Could all the U.K. Switch to Bamboo Toothbrushes?

So, a friend from college asked whether there was enough bamboo for us all if, in theory, we were all to start using bamboo toothbrushes rather than plastic ones. So, I thought it was worth really asking that question and seeing if there is an answer out there….

Currently in the U.K. today there are over 64 million people (BBC, 2015) with it going ever closer to 65 million people (the current stat is from June last year). So working with 65 million as a figure would it be possible?

Now firstly, one has to add that there is a recognition that not all bamboo brushes are plastic free. Some do contain plastic. So for example, brushwithbamboobrushes ( ) have bristles that contain 62% Castor Bean Oil and are 38% plastic. They note that prior to the invention of nylon – pig hair was traditionally used for toothbrush heads – however, this is not so popular nowadays (although more sustainable). However, even with burshwithbamboo toothbrushes even this slight bit of plastic only makes up 0.1 ounce of plastic waste versus the whole toothbrush (which is is still tons better!).

My personal preference is the brush from Save some Green – and I buy the Bamboo Medium type.

taken from website – the type I buy is the second down from the top

So is there enough bamboo for us all in the U.K. to switch from plastic toothbrushes to bamboo ones?

Moso Bamboo is the type of bamboo that toothbrushes seem to be made from. Currently in the world there are reported to be somewhere between 1000-1600 different types of bamboo (Bamboo Grove, 2008). For those who worry we are taking the bamboo away from pandas when toothbrushes are made don’t worry – Moso Bamboo isn’t the type of Bamboo the Panda eats.

So what’s good about the Moso Bamboo? Well it grows really fast. According to BrushwithBamboo (n.d.) when bamboo is cut to make toothbrushes it only takes 2 years for the bamboo stalk to grow back to the full length (50-75ft).

If one works with the population of the U.K. being 65 million with the recommendation being you replace your toothbrush every three months that means that potentially the U.K. is annually producing somewhere in the region of 260,000,000 Million plastic toothbrushes. And they all eventually end up in landfill. And that is just in the U.K. (Currently Bamboo toothbrushes are only 0.03% of the global supply so I haven’t included this in the calculation but I guess you could if you wanted to (Brush with Bamboo, n.d.).

So I am no maths genius, in fact I didn’t exactly love it at school so I asked my supplier of toothbrushes – SaveSomeGreen – if they thought whether there would be enough Bamboo to support the switch of 65 million people in the U.K. from plastic to bamboo toothbrushes (I figured start small, before asking about the world)

I got a lovely reply from a man called James. Not only did he answer my primary question, but also others I double checked on – such as was it truly 100% compostable and a few others.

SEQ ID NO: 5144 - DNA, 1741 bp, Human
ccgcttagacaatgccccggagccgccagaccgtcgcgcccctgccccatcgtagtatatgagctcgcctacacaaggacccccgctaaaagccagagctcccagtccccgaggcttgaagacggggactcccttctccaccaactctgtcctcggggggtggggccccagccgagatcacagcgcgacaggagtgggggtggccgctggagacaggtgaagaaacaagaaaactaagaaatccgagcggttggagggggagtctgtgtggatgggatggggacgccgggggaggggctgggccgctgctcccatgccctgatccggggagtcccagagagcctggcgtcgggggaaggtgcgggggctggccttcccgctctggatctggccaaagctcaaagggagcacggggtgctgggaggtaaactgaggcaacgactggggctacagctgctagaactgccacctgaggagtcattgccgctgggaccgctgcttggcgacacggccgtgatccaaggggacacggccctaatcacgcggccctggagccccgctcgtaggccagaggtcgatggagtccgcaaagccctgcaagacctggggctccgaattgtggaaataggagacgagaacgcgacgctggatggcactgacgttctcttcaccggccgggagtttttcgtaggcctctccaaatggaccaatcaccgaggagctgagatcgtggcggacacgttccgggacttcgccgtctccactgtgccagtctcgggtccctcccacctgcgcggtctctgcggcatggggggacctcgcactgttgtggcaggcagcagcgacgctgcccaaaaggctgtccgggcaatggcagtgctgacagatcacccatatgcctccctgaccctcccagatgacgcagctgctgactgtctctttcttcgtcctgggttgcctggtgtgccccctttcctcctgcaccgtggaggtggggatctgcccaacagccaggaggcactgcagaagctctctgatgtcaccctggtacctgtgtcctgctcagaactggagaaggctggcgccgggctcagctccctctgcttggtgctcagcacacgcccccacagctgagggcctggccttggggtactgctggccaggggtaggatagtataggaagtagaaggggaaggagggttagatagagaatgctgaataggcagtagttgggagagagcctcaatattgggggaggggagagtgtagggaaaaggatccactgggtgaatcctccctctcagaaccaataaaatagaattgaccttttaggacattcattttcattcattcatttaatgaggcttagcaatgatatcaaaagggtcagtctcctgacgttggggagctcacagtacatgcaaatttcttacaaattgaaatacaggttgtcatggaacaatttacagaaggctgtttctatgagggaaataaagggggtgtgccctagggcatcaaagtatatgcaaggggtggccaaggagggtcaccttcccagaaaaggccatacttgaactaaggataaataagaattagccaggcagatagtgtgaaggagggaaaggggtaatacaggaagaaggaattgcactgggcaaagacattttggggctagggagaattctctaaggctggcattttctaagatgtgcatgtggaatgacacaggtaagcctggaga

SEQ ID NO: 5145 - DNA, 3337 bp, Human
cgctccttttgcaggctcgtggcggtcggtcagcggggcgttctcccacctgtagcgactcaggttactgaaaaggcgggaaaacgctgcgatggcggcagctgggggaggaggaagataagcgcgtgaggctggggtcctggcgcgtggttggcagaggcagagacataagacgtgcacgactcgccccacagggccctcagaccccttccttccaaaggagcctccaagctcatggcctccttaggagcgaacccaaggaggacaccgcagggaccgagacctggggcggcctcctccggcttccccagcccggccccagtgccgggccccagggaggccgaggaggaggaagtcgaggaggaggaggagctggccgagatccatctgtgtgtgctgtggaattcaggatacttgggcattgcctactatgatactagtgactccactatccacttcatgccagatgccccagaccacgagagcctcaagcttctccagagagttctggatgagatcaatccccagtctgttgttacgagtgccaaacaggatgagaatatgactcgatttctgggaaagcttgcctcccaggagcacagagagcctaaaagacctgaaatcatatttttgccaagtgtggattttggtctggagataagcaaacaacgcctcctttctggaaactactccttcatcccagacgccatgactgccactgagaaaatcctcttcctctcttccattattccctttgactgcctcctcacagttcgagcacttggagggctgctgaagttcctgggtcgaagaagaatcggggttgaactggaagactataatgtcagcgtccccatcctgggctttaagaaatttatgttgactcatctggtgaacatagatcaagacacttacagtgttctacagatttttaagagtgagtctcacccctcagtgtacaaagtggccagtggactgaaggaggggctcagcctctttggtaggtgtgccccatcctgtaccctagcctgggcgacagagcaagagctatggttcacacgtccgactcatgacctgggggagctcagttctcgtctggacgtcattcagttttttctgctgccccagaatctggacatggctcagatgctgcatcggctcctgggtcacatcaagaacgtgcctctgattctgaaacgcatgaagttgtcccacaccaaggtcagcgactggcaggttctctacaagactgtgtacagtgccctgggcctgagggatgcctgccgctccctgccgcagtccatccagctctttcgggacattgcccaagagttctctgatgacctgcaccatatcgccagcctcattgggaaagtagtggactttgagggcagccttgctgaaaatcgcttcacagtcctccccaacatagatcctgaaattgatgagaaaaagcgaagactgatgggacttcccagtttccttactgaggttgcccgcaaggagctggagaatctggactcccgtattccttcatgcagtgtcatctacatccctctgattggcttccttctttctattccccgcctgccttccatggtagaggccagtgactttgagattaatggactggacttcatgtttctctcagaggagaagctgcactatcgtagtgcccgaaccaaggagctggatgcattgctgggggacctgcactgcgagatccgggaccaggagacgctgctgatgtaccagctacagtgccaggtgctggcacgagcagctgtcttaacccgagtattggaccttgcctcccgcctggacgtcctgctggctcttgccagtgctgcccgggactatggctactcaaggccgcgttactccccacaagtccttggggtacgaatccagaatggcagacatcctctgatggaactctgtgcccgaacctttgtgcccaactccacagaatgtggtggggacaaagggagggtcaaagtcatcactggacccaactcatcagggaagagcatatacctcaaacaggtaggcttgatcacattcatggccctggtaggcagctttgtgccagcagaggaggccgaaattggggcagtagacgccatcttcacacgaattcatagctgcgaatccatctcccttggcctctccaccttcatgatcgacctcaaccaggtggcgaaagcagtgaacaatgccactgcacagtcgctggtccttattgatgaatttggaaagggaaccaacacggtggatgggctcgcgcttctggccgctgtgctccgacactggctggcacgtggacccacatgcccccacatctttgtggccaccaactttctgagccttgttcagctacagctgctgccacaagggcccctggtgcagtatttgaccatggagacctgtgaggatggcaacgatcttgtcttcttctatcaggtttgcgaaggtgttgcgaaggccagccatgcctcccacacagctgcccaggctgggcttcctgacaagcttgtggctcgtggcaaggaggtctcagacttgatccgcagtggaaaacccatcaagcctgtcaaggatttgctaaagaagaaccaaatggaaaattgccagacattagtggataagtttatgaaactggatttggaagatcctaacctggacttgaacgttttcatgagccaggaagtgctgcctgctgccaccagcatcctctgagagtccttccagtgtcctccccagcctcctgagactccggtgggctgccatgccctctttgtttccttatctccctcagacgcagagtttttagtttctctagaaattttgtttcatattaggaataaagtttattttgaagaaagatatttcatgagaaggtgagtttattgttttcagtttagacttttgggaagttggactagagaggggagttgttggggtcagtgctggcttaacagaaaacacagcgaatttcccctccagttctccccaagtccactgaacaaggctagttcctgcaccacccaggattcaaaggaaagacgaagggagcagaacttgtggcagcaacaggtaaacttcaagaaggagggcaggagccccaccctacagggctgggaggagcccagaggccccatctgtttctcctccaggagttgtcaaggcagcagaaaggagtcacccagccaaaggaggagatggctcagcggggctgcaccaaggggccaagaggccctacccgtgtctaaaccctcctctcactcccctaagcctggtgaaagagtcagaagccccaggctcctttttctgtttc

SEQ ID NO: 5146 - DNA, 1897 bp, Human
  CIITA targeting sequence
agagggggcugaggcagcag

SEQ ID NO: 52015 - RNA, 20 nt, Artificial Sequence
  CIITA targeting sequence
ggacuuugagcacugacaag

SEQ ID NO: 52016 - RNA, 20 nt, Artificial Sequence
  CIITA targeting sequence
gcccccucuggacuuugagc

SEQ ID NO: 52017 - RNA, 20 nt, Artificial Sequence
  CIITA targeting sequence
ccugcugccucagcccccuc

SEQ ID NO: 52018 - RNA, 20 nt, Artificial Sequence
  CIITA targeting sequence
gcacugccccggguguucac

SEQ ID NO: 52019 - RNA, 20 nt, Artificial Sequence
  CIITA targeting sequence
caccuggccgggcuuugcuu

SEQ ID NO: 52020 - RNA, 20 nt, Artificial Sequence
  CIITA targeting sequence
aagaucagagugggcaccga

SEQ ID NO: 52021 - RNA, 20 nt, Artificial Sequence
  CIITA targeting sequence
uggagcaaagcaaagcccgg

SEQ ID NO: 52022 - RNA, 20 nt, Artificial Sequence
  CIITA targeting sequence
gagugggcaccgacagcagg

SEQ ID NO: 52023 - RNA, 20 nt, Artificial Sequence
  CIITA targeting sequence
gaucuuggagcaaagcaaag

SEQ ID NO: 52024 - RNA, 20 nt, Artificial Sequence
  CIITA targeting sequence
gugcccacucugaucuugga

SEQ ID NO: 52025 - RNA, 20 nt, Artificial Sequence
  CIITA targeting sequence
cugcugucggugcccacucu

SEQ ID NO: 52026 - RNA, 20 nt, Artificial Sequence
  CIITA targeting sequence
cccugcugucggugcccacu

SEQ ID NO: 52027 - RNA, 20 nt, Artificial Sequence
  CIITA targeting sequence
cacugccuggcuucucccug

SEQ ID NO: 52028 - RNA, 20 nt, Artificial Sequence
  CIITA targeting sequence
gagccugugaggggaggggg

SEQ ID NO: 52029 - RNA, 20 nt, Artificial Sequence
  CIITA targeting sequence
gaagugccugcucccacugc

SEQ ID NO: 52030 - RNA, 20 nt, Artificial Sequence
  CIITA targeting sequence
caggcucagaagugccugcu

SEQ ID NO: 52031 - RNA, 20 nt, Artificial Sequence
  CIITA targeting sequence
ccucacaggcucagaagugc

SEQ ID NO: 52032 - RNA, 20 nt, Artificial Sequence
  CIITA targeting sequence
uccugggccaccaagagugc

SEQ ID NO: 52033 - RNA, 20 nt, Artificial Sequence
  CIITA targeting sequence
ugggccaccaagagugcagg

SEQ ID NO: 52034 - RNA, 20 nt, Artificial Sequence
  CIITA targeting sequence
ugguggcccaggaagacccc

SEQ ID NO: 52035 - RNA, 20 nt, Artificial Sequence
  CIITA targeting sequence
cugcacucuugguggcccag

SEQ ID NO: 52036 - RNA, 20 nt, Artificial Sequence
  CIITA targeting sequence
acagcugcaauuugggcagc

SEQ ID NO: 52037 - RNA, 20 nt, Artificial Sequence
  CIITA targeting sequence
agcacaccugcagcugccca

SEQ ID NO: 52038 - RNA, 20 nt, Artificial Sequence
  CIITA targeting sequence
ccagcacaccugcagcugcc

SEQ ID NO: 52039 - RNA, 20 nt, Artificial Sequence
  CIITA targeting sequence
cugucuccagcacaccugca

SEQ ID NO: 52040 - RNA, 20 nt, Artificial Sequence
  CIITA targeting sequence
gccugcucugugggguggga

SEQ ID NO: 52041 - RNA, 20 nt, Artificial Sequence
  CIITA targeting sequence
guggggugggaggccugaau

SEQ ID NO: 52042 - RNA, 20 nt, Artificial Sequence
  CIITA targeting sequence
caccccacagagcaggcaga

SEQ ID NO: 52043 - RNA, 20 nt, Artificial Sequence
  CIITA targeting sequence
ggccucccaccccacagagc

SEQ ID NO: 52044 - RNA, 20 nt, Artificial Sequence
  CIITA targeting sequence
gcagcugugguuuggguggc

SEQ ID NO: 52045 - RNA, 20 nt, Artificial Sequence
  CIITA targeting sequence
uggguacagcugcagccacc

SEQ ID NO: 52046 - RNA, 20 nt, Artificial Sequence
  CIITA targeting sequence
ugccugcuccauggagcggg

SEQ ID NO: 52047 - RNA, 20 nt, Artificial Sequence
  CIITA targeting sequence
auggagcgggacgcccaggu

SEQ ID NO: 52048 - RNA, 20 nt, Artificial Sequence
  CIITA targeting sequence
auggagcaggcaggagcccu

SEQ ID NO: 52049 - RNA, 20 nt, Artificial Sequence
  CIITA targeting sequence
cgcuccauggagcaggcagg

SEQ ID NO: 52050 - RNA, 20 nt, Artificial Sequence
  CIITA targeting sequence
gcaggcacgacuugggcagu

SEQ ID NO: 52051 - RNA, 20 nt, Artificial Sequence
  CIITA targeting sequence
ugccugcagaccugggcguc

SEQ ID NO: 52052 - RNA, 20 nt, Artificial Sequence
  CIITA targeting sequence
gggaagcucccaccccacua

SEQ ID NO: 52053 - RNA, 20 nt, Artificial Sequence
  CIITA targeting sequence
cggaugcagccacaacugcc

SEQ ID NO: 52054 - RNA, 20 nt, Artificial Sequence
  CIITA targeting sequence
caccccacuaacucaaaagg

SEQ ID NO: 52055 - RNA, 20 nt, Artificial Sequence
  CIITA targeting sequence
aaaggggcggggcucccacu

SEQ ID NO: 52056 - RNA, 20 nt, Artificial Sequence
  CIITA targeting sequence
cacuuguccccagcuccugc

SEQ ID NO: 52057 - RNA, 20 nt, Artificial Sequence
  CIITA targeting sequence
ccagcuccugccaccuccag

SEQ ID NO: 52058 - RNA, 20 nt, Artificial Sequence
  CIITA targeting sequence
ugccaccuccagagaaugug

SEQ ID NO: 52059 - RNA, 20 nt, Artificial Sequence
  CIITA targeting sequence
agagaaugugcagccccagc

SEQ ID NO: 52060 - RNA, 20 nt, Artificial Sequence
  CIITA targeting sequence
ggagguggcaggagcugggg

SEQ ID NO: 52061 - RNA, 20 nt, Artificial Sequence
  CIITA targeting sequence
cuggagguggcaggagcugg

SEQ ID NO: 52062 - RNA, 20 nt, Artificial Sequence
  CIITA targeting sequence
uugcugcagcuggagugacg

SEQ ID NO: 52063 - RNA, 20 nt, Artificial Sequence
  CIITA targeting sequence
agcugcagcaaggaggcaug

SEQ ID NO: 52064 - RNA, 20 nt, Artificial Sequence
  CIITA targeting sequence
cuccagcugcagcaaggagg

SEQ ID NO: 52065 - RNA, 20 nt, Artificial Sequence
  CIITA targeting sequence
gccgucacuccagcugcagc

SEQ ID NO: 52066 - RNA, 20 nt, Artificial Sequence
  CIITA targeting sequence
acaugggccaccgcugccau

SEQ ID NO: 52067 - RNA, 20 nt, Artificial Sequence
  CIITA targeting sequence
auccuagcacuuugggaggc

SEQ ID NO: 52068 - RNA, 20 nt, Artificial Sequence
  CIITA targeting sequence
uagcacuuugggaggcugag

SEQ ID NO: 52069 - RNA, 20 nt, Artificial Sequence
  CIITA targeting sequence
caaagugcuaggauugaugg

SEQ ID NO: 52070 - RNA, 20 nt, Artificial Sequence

Save some Green brushes are 100% compostable with the only plastics being biodegradable nylons in the bristles (and am guessing only the ones that say nylon bristles too – it’s an option).  James says these are all compostable – so this make them ‘the most environmentally friendly brushes that there are’ to his knowledge.

He also talked about how they are further modifying their packaging so that a piece of paper holds everything together on every item they supply (exciting reduction of waste there).

He believes that if everyone in the U.K. switched to bamboo (working on the figure of 65 million) it is possible to supply that and would be significantly more friendly to the environment.

So there we go, if everyone in the U.K. wanted to switch to bamboo toothbrushes they could. The question now is will you give them a go?



BBC New (2015) U.K. Population increases by 500,000 official figures show Retrieved March, 30, 2016 from

Bamboo Grove (2008)  Species of Bamboo Retrieved March, 30, 2016 from

Brush with Bamboo (n.d.) About the Brush Retrieved March, 30, 2016 from


Websites of use for buying toothbrushes – Save Some Green – Brush with Bamboo



  1. I use a very plastic electric toothbrush. It will one day stop working. Then I would like to buy a non plastic one …electric as it cleans my teeth better, but plastic free one or at least plastic free heads. What are the chances of this do you think?


    • 🙂 thank you. Sadly I haven’t yet found and electric non plastic toothbrush (of any sort) However, I will keep looking. At least with the electric one you are only replacing the head I guess ?!


      • Yes that is true …and my teeth aren’t in great shape or condition so following dentist’s advice of using an electric one to keep the molars from deteriorating anymore is important self care.

        But one day the electric one will give up on me …and it would be nice to be able to buy a non plastic alternative by then!


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